Annalise Emerick | Starry-Eyed

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United States - Mass. - Boston

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Folk: Folk Pop Pop: Folky Pop Moods: Solo Female Artist
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Starry-Eyed

by Annalise Emerick

Quirky Singer/Songwriter.
Genre: Folk: Folk Pop
Release Date: 

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  Song Share Time Download
clip
1. You Win
4:09 $0.99
clip
2. Time of Day
4:02 $0.99
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3. I Came Around
4:07 $0.99
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4. Round and Round
4:47 $0.99
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5. A Runner and a Singer
3:50 $0.99
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6. This Love Won't Break Your Heart
4:48 $0.99
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7. Stand By Me
3:36 $0.99
Downloads are available as MP3-320 files.

ABOUT THIS ALBUM


Reviews


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Alex

Lovely debut from Annalise Emerick
I was introduced to Ms. Emerick when the CD Baby Music Disovery Podcast featured "This Love Won't Break Your Heart." The song immediately captured me and I replayed it three or four times. The simple riff based on "Auld Lang Syne" develops subtly and beautifully to a powerful crescendo of hope and confidence in the comfort of love, both old and new. The lyrics are straight forward, often forced over the rhythmic structure of the song, but this works for Emerick, implying naivete but also heart-wrenching sincerity. It is one of the best songs I've heard this year.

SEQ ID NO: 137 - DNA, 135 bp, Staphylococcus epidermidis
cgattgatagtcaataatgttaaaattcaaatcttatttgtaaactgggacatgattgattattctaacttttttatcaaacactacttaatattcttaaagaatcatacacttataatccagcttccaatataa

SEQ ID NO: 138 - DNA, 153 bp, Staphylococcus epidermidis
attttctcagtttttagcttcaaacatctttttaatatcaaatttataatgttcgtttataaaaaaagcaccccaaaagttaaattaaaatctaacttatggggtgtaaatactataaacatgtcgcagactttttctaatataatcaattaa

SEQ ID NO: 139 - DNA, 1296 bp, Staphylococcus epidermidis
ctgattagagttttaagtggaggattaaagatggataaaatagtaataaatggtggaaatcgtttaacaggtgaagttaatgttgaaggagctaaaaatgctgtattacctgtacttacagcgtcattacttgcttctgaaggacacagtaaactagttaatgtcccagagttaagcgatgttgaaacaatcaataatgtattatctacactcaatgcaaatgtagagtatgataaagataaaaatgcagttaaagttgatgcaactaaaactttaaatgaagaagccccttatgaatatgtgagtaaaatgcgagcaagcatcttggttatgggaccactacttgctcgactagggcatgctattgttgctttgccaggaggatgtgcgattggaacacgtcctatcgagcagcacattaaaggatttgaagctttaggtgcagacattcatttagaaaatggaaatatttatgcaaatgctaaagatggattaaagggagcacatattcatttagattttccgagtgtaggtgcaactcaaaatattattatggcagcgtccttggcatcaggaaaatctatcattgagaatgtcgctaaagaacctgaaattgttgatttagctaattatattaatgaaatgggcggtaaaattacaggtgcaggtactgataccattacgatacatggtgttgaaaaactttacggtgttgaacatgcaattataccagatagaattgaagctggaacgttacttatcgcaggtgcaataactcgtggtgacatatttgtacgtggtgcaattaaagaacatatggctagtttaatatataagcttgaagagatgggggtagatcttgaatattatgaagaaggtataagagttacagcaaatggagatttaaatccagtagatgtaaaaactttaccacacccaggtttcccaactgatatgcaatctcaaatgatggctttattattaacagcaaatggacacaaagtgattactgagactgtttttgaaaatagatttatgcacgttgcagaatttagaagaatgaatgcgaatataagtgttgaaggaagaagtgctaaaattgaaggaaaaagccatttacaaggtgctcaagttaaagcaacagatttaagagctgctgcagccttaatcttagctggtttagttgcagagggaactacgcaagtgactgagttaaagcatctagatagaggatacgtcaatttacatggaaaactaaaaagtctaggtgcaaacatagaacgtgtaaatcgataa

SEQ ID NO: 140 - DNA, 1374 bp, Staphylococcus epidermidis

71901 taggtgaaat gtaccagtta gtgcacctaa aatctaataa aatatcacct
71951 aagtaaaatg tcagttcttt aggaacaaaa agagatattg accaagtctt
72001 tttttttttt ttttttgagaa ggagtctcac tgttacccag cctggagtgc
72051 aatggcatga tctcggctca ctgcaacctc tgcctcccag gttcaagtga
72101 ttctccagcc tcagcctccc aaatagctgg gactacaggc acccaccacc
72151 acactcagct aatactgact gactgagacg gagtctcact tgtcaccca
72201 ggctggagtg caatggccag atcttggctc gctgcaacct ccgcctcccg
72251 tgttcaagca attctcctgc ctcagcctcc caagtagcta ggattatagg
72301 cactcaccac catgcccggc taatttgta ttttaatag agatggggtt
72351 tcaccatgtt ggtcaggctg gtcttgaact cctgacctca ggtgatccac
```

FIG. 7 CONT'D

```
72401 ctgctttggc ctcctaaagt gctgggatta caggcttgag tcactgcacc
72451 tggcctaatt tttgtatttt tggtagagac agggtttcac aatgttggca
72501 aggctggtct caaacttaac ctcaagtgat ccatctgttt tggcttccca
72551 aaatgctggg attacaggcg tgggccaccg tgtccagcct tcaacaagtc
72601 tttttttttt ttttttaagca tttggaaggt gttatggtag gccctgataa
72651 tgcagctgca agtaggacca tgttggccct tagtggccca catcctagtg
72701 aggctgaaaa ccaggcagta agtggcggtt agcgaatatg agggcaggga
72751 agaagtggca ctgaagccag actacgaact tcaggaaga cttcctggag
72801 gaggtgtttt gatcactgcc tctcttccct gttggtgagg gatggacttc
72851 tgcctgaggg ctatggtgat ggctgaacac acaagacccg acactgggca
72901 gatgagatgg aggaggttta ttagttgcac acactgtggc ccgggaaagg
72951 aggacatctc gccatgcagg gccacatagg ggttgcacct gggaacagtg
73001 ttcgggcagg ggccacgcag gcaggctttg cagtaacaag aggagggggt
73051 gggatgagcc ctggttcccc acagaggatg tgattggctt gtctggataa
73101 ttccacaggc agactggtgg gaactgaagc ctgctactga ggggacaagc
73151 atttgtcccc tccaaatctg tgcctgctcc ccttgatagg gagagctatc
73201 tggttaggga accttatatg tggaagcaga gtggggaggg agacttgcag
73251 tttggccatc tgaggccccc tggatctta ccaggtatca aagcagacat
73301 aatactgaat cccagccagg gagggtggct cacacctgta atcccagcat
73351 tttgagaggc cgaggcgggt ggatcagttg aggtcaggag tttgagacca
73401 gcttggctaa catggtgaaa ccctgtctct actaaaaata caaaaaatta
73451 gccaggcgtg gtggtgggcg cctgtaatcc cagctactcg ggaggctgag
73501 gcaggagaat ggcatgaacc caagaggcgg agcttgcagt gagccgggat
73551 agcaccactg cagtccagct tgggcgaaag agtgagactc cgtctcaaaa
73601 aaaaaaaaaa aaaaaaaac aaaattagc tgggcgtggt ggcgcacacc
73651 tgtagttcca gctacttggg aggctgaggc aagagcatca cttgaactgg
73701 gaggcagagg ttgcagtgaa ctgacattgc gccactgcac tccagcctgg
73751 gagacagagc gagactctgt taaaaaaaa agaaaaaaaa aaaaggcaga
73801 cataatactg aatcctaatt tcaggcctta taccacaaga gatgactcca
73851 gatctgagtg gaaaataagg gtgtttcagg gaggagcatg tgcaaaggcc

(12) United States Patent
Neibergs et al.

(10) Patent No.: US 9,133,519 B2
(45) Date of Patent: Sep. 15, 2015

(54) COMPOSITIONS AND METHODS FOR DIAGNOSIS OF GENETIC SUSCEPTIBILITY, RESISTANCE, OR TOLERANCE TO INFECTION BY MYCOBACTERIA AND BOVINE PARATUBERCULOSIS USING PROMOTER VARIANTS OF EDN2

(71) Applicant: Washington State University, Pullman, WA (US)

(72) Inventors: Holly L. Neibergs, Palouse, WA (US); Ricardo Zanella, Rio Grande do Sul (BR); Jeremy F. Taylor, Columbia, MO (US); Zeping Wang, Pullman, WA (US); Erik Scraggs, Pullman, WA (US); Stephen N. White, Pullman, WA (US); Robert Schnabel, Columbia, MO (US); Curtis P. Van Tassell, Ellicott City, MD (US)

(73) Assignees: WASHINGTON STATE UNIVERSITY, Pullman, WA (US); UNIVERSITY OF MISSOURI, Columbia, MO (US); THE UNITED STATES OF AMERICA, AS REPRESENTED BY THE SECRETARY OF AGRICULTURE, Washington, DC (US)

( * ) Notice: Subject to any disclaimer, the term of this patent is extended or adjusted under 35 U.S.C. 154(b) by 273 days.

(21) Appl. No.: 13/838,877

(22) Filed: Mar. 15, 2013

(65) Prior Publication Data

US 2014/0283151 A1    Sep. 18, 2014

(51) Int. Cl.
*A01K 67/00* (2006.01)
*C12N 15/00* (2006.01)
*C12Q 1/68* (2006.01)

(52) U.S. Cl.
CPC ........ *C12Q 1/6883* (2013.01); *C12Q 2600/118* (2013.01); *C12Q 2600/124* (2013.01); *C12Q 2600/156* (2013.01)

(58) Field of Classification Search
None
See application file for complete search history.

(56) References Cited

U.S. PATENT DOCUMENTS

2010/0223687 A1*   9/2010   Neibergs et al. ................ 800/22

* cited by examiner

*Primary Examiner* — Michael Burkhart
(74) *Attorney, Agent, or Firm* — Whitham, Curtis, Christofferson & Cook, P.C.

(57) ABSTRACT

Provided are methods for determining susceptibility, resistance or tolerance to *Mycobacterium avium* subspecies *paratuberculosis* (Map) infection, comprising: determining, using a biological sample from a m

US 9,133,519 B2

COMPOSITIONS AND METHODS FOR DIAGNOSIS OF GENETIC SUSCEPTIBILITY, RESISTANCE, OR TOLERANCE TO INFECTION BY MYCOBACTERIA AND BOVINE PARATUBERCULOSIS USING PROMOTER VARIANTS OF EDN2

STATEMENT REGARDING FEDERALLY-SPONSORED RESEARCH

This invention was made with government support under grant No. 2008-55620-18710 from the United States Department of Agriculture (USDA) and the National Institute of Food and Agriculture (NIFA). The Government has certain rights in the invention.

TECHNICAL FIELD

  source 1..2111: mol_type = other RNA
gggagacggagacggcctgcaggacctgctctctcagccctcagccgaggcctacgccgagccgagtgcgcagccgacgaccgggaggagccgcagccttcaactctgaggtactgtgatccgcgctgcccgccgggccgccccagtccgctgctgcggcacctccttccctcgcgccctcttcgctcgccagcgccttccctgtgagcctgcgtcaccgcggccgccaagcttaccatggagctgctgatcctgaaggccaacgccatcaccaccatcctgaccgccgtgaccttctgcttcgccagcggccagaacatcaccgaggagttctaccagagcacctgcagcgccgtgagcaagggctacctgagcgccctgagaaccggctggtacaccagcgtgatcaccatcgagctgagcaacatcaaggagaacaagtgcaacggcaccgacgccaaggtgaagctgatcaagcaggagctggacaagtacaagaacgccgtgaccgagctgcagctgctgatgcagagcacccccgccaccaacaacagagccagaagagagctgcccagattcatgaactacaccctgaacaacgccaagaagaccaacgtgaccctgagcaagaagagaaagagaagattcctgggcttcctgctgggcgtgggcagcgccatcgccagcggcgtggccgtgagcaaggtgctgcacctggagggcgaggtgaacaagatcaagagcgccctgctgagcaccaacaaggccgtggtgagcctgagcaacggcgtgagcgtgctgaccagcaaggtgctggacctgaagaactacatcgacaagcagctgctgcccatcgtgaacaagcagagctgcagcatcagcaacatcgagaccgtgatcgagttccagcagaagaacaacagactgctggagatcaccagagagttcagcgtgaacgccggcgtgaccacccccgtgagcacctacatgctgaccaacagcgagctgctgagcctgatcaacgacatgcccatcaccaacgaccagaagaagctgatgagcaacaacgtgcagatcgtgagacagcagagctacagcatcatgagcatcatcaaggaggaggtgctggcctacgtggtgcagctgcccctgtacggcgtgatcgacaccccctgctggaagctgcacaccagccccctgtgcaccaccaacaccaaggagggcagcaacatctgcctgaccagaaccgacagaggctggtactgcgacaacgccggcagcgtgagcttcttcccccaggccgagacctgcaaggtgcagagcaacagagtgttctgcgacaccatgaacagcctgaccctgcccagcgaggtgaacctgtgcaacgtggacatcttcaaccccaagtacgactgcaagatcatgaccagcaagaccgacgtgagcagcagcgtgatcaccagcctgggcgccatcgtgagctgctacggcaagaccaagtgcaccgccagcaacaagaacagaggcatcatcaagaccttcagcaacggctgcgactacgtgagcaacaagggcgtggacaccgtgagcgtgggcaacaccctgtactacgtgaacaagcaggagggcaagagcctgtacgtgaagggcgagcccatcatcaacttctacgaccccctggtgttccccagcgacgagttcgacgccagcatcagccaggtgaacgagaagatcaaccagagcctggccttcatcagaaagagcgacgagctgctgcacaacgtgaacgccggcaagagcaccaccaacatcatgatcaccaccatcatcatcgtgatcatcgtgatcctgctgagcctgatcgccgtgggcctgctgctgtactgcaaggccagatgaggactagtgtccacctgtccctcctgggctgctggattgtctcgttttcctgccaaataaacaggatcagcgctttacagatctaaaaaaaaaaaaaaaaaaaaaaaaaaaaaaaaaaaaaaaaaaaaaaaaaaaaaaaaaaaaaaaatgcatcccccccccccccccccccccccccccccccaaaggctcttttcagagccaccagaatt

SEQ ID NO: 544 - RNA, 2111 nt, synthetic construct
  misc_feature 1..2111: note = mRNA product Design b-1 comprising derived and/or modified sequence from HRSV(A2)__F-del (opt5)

After hearing the podcast I immediately purchased the full album, not even waiting to listen to samples of the rest of the songs. Perhaps I should have. The first four songs - half the album, are nice enough but blur together with a certain sameness. I enjoy them while listening to them but have difficulty remembering much about the experience afterward. I came out of those four with a sense of loneliness and longing but little else. I'm aware that each of them told some part of Emerick's life experience but don't ask me what it was.

This was not a bad thing, however. The album hits its stride with "A Runner and a Singer." Emerick's penchant for narrative, which I can vaguely recall from the first of the album, shines through with this gem. She breaks away from the tendency to sing about Big Loves and instead recounts a simple, relatively short love affair about two people who really didn't belong together. It is a unversal experience we can all relate to. Her unadorned but perfect guitar playing is a perfect accomanyment and produces a goregous melancholy that creates a powerful resonance in the listener.

"Runner and a Singer" is followed by the aforementioned, fantastic "This Love Won't Break Your Heart," which in turn is followed by a low-key, strikingly sincere rendition of "Stand By Me." Once again, Emerick's candid musical style results in a powerful performance that easily compares to any version of the song I've heard before.

Obviously I'm already a big fan of Emerick. While the front of the album can't compare to the back, and keep it from a 5 star rating, the overall experience is fantastic. I don't believe the tracks were intended to tell a specific story, but they do produce a narrative of loneliness, loss, and hope. The album should be viewed not as a collection of songs but as an overall experience, and a powerful one at that. Emerick blends lyrics and melody to create sympathetic emotion in the listener that one can't help but identify with. I highly recommend purchasing the entire album and listening to the whole of it straight through.
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